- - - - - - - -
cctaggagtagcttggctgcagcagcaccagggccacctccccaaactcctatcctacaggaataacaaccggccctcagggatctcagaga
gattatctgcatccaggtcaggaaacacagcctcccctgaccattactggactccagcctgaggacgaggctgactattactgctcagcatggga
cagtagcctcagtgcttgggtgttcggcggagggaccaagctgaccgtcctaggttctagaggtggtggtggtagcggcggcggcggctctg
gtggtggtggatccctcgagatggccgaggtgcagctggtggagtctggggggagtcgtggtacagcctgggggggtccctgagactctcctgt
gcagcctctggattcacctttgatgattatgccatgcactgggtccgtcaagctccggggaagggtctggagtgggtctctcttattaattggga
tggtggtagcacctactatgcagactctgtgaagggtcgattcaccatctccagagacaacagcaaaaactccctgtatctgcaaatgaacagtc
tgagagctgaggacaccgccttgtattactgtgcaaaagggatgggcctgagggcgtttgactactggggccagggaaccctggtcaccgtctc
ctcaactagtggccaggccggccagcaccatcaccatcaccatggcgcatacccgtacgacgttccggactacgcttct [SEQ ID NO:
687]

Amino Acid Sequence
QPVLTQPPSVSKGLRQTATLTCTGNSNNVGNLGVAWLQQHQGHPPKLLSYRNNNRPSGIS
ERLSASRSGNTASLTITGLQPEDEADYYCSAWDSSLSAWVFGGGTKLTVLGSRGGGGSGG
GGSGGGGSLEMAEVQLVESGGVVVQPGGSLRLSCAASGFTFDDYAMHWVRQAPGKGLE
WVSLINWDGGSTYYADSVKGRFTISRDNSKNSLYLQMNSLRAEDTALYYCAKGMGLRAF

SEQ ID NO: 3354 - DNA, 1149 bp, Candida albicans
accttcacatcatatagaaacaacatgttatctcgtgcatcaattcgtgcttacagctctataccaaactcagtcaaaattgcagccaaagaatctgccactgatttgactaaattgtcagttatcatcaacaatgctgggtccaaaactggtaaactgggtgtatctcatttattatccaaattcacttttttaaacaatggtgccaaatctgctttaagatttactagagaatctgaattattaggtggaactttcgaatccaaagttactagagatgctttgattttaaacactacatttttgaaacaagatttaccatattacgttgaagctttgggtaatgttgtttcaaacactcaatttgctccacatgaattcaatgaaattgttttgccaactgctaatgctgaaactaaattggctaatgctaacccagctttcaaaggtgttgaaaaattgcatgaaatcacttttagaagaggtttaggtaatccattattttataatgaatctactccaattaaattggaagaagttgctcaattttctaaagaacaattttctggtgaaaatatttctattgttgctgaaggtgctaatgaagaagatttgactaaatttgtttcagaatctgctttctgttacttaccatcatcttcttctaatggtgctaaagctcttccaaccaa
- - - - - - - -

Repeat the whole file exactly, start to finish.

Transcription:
cctaggagtagcttggctgcagcagcaccagggccacctccccaaactcctatcctacaggaataacaaccggccctcagggatctcagaga
gattatctgcatccaggtcaggaaacacagcctcccctgaccattactggactccagcctgaggacgaggctgactattactgctcagcatggga
cagtagcctcagtgcttgggtgttcggcggagggaccaagctgaccgtcctaggttctagaggtggtggtggtagcggcggcggcggctctg
gtggtggtggatccctcgagatggccgaggtgcagctggtggagtctggggggagtcgtggtacagcctgggggggtccctgagactctcctgt
gcagcctctggattcacctttgatgattatgccatgcactgggtccgtcaagctccggggaagggtctggagtgggtctctcttattaattggga
tggtggtagcacctactatgcagactctgtgaagggtcgattcaccatctccagagacaacagcaaaaactccctgtatctgcaaatgaacagtc
tgagagctgaggacaccgccttgtattactgtgcaaaagggatgggcctgagggcgtttgactactggggccagggaaccctggtcaccgtctc
ctcaactagtggccaggccggccagcaccatcaccatcaccatggcgcatacccgtacgacgttccggactacgcttct [SEQ ID NO:
687]

Amino Acid Sequence
QPVLTQPPSVSKGLRQTATLTCTGNSNNVGNLGVAWLQQHQGHPPKLLSYRNNNRPSGIS
ERLSASRSGNTASLTITGLQPEDEADYYCSAWDSSLSAWVFGGGTKLTVLGSRGGGGSGG
GGSGGGGSLEMAEVQLVESGGVVVQPGGSLRLSCAASGFTFDDYAMHWVRQAPGKGLE
WVSLINWDGGSTYYADSVKGRFTISRDNSKNSLYLQMNSLRAEDTALYYCAKGMGLRAF

SEQ ID NO: 3354 - DNA, 1149 bp, Candida albicans
accttcacatcatatagaaacaacatgttatctcgtgcatcaattcgtgcttacagctctataccaaactcagtcaaaattgcagccaaagaatctgccactgatttgactaaattgtcagttatcatcaacaatgctgggtccaaaactggtaaactgggtgtatctcatttattatccaaattcacttttttaaacaatggtgccaaatctgctttaagatttactagagaatctgaattattaggtggaactttcgaatccaaagttactagagatgctttgattttaaacactacatttttgaaacaagatttaccatattacgttgaagctttgggtaatgttgtttcaaacactcaatttgctccacatgaattcaatgaaattgttttgccaactgctaatgctgaaactaaattggctaatgctaacccagctttcaaaggtgttgaaaaattgcatgaaatcacttttagaagaggtttaggtaatccattattttataatgaatctactccaattaaattggaagaagttgctcaattttctaaagaacaattttctggtgaaaatatttctattgttgctgaaggtgctaatgaagaagatttgactaaatttgtttcagaatctgctttctgttacttaccatcatcttcttctaatggtgctaaagctcttccaaccaa